Google Voice is preparing to support mobile number portability. This means you can transfer control of your number from your providers to Google. This has great benefits for you as listed below but also need to note that this is one small but important step in the complete transformation of communications services that is quietly going on as we speak.
A communications service – data, voice, video – shouldn’t not be glued to the transport pipe (a carrier, ISP, etc.). Your number is one piece of this and there are other parts moving – like Skype video on mobile phones. Eventually we’ll have this separation and you’ll control all media sessions – phone calls, video calls, emails, text messages, instant messages, tweets, status updates etc. – according to your needs. You’ll become the center of your communications world instead of needing to manage multiple providers and disjointed communications streams. That’s true “unified communications”. There will be layers that enable you to have this control, but they won’t be the same layers that provide the pipes and carrier services.
Ok, back to Google voice and number porting. What’s in it for you?
- When people call your number, you can control what happens. For example, if you are traveling internationally you may route callers to your voicemail or to a VoIP phone. Or you can customize so that some people go to voicemail and others go to your mobile phone.
- Voicemails become like emails. You can search through them, label them etc. You can convert them to text messages with decent results. You can even start to listen to a voicemail in real-time and then switch over to pick up the call if you decide you want to talk.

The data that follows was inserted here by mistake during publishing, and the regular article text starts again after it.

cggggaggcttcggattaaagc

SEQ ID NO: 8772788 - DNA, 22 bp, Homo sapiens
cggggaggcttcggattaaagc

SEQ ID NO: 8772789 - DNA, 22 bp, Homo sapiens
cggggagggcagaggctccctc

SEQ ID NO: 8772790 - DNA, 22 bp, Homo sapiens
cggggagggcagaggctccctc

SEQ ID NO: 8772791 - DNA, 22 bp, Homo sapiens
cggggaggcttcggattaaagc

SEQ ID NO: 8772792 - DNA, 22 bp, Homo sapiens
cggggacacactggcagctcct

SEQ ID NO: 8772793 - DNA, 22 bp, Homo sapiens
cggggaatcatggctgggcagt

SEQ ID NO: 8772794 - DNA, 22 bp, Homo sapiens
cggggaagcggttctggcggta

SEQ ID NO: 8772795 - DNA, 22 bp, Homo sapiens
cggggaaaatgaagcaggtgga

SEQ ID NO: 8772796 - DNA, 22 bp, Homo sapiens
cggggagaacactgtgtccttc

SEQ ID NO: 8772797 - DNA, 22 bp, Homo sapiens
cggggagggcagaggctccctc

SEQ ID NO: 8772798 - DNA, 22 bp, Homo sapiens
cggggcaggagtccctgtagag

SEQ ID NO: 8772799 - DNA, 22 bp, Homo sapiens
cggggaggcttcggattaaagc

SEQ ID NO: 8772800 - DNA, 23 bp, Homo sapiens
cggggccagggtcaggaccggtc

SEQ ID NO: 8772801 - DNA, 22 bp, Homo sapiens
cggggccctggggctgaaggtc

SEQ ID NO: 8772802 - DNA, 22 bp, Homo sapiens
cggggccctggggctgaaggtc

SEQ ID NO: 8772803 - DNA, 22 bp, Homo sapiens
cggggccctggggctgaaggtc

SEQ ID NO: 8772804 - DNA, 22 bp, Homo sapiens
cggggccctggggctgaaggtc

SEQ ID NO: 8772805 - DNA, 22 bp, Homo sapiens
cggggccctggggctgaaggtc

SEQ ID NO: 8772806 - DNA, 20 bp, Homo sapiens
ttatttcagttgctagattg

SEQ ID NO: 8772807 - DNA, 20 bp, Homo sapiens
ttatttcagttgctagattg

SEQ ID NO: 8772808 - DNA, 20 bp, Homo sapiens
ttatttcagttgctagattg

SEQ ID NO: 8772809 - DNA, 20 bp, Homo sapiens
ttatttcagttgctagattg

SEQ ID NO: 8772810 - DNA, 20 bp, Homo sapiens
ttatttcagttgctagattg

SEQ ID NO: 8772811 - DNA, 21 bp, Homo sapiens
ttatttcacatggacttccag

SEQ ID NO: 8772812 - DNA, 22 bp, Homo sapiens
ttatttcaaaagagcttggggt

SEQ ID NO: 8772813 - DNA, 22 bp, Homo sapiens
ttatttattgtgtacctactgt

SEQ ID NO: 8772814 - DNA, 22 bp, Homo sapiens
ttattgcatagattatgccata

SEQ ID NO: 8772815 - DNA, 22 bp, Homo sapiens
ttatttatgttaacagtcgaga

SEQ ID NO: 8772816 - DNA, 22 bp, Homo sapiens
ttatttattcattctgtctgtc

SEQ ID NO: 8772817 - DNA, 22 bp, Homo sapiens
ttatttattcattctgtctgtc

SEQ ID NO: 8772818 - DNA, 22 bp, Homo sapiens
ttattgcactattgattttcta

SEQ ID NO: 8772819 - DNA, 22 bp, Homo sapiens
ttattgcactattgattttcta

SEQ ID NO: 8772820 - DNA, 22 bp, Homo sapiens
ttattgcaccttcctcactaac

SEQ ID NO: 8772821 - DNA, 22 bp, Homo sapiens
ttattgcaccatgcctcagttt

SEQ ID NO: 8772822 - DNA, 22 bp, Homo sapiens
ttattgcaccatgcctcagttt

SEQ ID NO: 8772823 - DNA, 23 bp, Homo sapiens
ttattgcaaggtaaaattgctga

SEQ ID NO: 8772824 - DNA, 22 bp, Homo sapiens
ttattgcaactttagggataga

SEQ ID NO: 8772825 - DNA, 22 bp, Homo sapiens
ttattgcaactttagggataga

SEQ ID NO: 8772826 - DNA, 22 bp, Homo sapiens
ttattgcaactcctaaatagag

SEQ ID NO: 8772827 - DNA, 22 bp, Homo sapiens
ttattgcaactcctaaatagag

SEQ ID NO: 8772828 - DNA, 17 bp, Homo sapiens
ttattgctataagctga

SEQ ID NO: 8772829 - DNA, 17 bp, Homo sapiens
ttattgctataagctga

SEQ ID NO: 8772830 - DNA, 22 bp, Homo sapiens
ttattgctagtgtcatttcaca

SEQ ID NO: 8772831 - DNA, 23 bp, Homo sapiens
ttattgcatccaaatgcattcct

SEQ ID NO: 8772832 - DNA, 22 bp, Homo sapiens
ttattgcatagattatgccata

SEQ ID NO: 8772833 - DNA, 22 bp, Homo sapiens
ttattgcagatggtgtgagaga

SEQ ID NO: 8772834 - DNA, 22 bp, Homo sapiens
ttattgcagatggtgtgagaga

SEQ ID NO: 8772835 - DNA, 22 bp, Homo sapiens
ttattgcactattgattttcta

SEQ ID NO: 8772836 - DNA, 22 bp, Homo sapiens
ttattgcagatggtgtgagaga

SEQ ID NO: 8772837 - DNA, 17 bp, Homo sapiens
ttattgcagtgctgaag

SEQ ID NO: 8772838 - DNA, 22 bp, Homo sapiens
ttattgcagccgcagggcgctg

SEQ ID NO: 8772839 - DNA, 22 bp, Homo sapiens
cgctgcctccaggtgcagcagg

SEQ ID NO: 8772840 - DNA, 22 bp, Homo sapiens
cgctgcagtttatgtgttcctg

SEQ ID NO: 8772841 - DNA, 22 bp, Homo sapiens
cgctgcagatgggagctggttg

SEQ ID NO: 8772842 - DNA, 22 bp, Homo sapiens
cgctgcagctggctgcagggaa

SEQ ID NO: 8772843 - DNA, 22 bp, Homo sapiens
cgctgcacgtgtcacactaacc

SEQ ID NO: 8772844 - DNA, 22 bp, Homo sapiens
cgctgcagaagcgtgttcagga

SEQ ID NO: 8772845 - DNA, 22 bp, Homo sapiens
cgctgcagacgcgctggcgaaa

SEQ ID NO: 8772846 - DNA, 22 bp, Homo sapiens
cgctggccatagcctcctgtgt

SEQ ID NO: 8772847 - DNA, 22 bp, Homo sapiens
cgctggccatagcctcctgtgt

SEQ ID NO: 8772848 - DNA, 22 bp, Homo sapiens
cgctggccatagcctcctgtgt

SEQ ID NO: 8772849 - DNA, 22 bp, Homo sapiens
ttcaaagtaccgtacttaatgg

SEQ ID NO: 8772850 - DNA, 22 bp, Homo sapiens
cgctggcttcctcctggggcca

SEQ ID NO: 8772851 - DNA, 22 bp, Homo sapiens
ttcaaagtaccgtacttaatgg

- You won’t have to port numbers every time you change mobile phone providers. Google can route your number to any provider.
See videos at Google Voice for more details.
Meanwhile, I can’t think of too many advantages of letting your mobile provider control your number instead of Google. Can you?
There will be two interesting ramifications to keep an eye on:
- The paradigm of the US mobile carriers, Verizon, AT&T, Sprint etc., is when you port your number off their service, you also terminate your service. With Google Voice, you might keep Verizon as your mobile carrier, but port your number itself to Google so that you can take advantage of the Google Voice features. It is possible some mobile carriers flat out won’t support it, or at least give a date well in the future by which they’ll support it. It is possible others will charge for the service – both an early termination fee and a supplementary fee on top of that. Since Google isn’t a licensed carrier (see below), I’m not sure the FCC could require a mobile carrier to support a port of this nature.
- The FCC. Google isn’t a licensed carrier. I still don’t think they fit the definition of an entity that should be required to become a licensed carrier. But that doesn’t mean the FCC won’t mandate that Google become a licensed carrier of some sort in order to provide their Google Voice services.